The night before
The Sardinians, or the Sards, are the native people and ethnic group from which Sardinia, a western Mediterranean island and autonomous region of Italy, derives its name. The ethnic origin of the Sardinians is unclear: the ethnonym "Srd" belongs to the Pre-Indo-European linguistic substratum; the oldest written attestation of the ethnonym is on the Nora stone, where the word Šrdn bears witness to its original existence by the time the Phoenician merchants first arrived to the Sardinian shores. According to Timaeus, one of Plato's dialogues and its people as well, the "Sardonioi" or "Sardianoi", might have been named after "Sardò", a legendary Lydian woman from Sardis, in the region of western Anatolia; some other authors, like Pausanias and Sallust, reported instead that Sardinians traced their descent back to a mythical ancestor, a Libyan son of Hercules or Makeris revered as Sardus Pater Babai, who gave the island its name. It has been claimed that the ancient Nuragic Sards were associated with the Sherden, one of the Sea Peoples.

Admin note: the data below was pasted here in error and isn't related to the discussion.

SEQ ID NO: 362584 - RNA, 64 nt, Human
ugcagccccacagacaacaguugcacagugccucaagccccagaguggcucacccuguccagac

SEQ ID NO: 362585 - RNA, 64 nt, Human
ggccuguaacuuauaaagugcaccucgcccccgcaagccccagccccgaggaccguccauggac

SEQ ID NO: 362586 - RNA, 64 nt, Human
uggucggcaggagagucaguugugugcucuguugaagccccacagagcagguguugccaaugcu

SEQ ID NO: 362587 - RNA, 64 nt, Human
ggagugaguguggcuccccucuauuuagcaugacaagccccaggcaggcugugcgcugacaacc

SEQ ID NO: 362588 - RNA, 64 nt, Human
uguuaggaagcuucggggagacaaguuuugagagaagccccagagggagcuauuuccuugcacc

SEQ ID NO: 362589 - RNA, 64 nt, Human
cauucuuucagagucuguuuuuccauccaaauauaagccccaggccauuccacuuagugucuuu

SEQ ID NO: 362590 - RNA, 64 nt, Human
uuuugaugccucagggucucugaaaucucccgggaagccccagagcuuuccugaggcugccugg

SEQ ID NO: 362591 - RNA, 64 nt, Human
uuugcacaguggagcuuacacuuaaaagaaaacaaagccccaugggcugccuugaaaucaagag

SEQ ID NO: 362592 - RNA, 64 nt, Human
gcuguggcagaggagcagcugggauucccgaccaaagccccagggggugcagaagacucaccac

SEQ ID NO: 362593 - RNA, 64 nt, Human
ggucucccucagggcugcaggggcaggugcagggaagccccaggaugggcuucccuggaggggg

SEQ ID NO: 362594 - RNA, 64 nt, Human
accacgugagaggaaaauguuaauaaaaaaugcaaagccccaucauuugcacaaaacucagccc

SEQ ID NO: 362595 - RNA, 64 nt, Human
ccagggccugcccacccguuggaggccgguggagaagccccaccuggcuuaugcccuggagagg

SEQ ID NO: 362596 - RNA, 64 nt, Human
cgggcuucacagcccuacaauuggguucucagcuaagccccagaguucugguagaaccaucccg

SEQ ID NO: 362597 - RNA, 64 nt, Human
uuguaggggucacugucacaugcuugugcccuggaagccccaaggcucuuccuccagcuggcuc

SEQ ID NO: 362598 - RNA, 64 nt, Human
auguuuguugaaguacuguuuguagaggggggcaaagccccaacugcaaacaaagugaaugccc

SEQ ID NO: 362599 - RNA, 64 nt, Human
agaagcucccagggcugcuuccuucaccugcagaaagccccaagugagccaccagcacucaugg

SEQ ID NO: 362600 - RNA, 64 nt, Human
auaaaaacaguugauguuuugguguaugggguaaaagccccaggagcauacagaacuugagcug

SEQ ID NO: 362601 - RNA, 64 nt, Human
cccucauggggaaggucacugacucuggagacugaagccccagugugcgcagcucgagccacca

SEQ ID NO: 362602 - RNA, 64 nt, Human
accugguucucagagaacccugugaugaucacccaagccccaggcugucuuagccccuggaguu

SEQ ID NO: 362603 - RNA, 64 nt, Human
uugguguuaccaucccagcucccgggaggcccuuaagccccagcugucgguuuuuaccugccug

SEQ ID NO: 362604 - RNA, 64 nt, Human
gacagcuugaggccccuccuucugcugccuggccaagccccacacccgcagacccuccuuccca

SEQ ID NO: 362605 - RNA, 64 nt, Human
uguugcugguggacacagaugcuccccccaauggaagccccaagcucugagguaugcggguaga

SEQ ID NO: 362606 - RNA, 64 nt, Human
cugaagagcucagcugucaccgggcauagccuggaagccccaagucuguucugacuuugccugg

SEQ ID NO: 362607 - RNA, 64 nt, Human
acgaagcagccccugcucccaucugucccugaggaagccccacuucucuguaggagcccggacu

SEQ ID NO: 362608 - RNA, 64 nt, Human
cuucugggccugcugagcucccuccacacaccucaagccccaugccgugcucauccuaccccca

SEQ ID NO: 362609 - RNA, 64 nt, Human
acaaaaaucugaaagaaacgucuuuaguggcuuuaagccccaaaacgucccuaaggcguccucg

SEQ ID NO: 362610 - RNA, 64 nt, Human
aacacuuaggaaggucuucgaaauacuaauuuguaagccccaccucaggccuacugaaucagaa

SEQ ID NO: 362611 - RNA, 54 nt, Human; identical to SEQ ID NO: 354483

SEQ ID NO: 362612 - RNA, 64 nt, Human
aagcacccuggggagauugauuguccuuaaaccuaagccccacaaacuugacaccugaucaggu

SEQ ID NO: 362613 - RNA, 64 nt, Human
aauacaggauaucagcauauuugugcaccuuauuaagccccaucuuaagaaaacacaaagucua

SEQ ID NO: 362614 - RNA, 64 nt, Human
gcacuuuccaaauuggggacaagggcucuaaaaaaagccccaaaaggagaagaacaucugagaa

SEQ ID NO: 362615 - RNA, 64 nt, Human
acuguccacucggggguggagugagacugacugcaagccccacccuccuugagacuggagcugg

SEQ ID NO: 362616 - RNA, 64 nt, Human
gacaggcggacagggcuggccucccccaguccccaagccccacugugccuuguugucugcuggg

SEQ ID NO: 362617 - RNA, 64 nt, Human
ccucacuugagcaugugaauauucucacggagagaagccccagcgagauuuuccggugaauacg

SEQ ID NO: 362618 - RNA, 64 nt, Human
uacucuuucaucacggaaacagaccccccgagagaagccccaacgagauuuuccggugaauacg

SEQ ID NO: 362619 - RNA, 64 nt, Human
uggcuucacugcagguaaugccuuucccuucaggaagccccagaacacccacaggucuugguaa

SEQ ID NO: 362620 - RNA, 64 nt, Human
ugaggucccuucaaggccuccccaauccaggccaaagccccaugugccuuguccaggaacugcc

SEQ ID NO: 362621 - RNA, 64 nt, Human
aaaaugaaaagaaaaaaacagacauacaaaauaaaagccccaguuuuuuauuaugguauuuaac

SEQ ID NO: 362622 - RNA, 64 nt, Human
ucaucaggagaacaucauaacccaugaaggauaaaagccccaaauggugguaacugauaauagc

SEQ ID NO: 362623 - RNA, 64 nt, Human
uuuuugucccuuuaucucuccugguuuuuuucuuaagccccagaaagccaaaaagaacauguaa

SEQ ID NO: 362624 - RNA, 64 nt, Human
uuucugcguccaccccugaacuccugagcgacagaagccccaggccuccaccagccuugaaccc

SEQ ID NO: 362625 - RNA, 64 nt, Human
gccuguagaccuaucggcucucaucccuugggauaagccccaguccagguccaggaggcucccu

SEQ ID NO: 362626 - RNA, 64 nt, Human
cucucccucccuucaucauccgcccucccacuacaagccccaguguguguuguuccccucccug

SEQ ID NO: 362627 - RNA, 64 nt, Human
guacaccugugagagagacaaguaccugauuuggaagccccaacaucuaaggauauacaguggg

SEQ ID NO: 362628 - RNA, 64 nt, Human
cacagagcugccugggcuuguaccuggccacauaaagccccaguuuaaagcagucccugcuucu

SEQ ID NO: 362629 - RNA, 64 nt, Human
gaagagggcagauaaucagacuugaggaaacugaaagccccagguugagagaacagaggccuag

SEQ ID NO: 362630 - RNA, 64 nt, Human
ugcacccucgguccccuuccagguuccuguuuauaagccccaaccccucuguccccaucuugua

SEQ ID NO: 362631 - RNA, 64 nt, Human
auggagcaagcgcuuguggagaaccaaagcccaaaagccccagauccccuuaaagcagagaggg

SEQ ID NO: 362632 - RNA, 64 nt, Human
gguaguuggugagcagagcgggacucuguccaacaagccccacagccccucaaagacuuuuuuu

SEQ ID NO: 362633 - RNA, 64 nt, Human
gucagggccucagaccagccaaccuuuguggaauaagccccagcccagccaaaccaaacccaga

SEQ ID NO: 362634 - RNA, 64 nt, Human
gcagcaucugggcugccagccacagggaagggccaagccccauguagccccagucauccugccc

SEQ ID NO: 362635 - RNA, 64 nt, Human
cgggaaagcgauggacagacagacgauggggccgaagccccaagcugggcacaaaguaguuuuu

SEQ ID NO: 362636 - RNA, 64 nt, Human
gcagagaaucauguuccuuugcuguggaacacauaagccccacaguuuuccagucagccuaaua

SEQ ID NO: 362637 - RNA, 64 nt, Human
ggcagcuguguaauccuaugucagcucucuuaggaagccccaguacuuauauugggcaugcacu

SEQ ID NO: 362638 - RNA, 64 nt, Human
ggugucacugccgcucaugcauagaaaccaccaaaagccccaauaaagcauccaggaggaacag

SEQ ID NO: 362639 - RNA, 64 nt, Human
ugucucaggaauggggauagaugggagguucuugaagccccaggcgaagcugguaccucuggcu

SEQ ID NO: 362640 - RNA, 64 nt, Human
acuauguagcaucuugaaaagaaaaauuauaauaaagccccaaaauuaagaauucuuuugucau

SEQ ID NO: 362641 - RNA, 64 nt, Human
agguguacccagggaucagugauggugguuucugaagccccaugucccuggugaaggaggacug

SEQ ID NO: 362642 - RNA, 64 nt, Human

The ethnonym was romanised, with regard for the singular masculine and feminine form, as sardus and sarda. Sardinia was first colonized in a stable manner during the Upper Paleolithic and the Mesolithic by people from the Iberian and the Italian peninsula. During the Neolithic period and the Early Eneolithic, people from Italy and the Aegean area settled in Sardinia. In the Late Eneolithic-Early Bronze age the "Beaker folk" from Southern France, Northeastern Spain and from Central Europe settled on the island, bringing new metallurgical techniques and ceramic styles and some kind of Indo-European speech; the Nuragic civilization arose in the Middle Bronze Age, during the Late Bonnanaro culture, which showed connections with the previous Beaker culture and the Polada culture of northern Italy. At that time, the grand tribal identities of Nuragic Sardinia were said to be three: the Iolei/Ilienses, inhabiting the area from the southernmost plains to the mountainous zone of eastern Sardinia. Nuragic Sardinians have been connected by some scholars to the Sherden, a tribe of the so-called Sea Peoples, whose presence is registered several times in ancient Egyptian records.